Onblackheath – A Reflection

Art & Culture

So with the inaugural 2 day OnBlackheath Festival now complete, what did we learn? What did they learn, and what do they need to look into for future events?

Firstly, as alluded to in the preview, they’ve had to deal with a bunch of issues to finally get to a point where actually being able to hold the event was possible, issues with the local council and issues with locals themselves aside, they managed (with assistance from John Lewis and Harvey Goldsmith) to pull it off in the face of adversity.
One of these tales of adversity is regarding the cost of the tickets. The full weekend ticket was over £100, when you consider how many artists you get for less than that at other festivals such as SW4, Lovebox, Wireless or Field Day, having just a handful of acts on each stage is small beer. Many people baulked at this price so they either need to cram the line-ups with more acts to reflect the ticket charge, or lower it.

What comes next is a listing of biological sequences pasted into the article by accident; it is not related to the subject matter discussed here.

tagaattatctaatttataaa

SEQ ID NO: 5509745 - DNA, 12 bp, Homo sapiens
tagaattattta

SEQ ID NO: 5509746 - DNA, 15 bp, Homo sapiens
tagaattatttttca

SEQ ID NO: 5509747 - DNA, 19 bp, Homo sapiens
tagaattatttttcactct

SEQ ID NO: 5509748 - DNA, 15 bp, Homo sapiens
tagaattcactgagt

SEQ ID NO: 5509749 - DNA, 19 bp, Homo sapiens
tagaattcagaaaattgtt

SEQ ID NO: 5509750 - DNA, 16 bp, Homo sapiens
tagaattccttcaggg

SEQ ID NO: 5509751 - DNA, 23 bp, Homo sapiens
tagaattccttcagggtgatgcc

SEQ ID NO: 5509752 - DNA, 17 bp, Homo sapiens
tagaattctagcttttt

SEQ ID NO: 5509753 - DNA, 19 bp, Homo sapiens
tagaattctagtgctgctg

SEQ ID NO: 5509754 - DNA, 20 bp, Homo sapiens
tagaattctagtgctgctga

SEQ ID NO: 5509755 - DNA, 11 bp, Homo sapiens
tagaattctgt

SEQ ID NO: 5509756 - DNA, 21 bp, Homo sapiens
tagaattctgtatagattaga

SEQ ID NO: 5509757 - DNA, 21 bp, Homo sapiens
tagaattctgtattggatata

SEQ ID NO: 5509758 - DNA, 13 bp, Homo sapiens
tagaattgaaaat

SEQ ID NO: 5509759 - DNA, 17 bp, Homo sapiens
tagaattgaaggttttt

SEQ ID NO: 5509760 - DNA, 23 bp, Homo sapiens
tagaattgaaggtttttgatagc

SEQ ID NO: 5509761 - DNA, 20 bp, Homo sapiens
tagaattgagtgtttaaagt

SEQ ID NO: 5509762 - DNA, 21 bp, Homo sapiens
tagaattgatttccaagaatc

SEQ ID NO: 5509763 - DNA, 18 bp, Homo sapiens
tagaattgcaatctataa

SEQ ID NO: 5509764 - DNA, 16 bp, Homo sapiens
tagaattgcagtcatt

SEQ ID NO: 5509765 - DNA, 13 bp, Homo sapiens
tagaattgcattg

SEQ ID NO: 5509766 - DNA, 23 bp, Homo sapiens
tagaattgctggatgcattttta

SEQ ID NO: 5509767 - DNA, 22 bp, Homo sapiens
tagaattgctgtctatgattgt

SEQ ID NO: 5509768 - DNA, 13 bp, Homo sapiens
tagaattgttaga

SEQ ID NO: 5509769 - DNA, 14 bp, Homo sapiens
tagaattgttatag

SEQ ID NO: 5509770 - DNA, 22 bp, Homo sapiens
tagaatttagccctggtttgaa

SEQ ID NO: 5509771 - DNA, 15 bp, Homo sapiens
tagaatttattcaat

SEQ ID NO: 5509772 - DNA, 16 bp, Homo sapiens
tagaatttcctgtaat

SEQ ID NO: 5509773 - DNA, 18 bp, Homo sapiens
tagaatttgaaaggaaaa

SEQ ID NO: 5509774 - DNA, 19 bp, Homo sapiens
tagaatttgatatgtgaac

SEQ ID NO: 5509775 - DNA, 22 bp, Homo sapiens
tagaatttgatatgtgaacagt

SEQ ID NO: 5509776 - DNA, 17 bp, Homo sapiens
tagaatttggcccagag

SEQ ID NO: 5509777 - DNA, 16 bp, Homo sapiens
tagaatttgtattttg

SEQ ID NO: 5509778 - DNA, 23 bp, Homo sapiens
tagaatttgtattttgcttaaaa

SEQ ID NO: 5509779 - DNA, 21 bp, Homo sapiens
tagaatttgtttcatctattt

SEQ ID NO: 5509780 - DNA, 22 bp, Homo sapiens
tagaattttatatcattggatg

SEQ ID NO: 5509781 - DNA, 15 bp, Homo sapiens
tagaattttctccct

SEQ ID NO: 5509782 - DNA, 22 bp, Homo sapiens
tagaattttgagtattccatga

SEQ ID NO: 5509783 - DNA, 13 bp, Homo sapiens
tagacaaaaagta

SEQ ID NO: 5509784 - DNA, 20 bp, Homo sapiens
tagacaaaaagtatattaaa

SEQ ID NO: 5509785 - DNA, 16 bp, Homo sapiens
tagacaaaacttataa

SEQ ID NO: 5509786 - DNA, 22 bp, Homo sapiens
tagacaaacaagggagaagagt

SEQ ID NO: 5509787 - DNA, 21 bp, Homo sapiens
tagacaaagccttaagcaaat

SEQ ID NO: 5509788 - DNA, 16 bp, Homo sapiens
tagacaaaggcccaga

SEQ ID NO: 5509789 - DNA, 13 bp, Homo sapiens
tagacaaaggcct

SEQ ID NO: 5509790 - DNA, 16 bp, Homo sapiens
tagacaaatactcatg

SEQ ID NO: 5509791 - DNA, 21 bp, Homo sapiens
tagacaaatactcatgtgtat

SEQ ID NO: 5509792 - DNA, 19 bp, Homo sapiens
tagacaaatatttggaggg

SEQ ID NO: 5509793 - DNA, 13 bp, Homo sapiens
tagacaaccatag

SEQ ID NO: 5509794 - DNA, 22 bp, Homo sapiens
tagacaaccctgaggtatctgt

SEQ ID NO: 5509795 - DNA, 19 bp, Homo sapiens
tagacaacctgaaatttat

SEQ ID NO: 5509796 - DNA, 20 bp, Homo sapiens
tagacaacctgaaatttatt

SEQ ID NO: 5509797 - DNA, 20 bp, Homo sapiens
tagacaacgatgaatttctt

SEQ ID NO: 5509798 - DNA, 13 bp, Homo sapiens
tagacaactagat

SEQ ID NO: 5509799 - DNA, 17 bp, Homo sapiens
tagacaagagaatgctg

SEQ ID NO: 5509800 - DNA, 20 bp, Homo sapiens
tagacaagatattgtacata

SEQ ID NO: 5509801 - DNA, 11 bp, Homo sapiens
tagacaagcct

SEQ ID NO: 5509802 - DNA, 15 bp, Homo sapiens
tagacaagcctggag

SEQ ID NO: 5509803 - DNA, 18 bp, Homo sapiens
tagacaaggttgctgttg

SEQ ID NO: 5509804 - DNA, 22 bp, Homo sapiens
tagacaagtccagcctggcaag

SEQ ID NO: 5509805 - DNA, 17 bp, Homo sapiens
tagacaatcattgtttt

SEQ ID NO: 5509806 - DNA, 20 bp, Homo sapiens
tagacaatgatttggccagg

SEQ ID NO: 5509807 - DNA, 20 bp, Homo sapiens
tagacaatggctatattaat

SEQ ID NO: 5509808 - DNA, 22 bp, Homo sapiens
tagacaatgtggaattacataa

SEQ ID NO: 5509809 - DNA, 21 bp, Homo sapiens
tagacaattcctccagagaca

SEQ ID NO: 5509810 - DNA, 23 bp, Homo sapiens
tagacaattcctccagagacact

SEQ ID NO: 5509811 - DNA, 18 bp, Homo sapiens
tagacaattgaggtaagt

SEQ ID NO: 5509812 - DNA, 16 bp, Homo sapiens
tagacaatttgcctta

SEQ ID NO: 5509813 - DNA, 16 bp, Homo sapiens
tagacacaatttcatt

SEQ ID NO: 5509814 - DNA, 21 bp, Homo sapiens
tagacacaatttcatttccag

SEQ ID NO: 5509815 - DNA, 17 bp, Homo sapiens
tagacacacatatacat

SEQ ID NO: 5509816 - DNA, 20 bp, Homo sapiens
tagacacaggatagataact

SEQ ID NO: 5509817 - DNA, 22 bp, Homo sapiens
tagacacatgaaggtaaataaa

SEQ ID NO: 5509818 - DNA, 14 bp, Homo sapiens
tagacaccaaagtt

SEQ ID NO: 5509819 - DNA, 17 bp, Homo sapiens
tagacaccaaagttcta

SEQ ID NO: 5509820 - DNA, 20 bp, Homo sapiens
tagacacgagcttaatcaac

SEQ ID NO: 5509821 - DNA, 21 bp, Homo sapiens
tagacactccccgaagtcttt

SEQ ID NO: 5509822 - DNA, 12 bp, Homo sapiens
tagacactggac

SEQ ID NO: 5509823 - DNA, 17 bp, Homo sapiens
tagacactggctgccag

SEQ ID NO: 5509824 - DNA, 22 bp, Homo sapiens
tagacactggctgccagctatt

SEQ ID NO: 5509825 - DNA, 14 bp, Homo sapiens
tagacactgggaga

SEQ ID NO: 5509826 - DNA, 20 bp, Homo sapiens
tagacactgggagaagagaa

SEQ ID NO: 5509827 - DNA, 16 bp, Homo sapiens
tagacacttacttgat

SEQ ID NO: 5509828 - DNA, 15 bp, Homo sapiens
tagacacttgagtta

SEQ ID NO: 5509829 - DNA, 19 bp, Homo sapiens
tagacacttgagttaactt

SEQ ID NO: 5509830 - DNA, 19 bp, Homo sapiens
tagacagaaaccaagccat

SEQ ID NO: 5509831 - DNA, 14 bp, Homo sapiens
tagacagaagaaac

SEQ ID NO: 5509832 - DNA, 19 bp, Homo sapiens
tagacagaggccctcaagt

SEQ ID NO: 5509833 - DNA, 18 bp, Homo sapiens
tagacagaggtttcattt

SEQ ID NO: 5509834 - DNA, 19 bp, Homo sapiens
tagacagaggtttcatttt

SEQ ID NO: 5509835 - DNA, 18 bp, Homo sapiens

The fact that many local people in the area expected to be offered heavily subsidised tickets shows a general sense of entitlement of many local people. One person even went to the lengths of quoting common law land, complaining to the host borough, asking the police for emergency noise complaint numbers and even trying to drag those ‘men of the people’, The Levellers, into an argument about public land, all this stems from not being ‘allowed’ to pop in. A basic misunderstanding of the concept of festivals aside, it seems that there is an element of the Blackheath area who will be hell-bent on being as obstructive as possible, unless they get their own way, but this is Blackheath, people don't piss in the streets there, it's not Finsbury Park.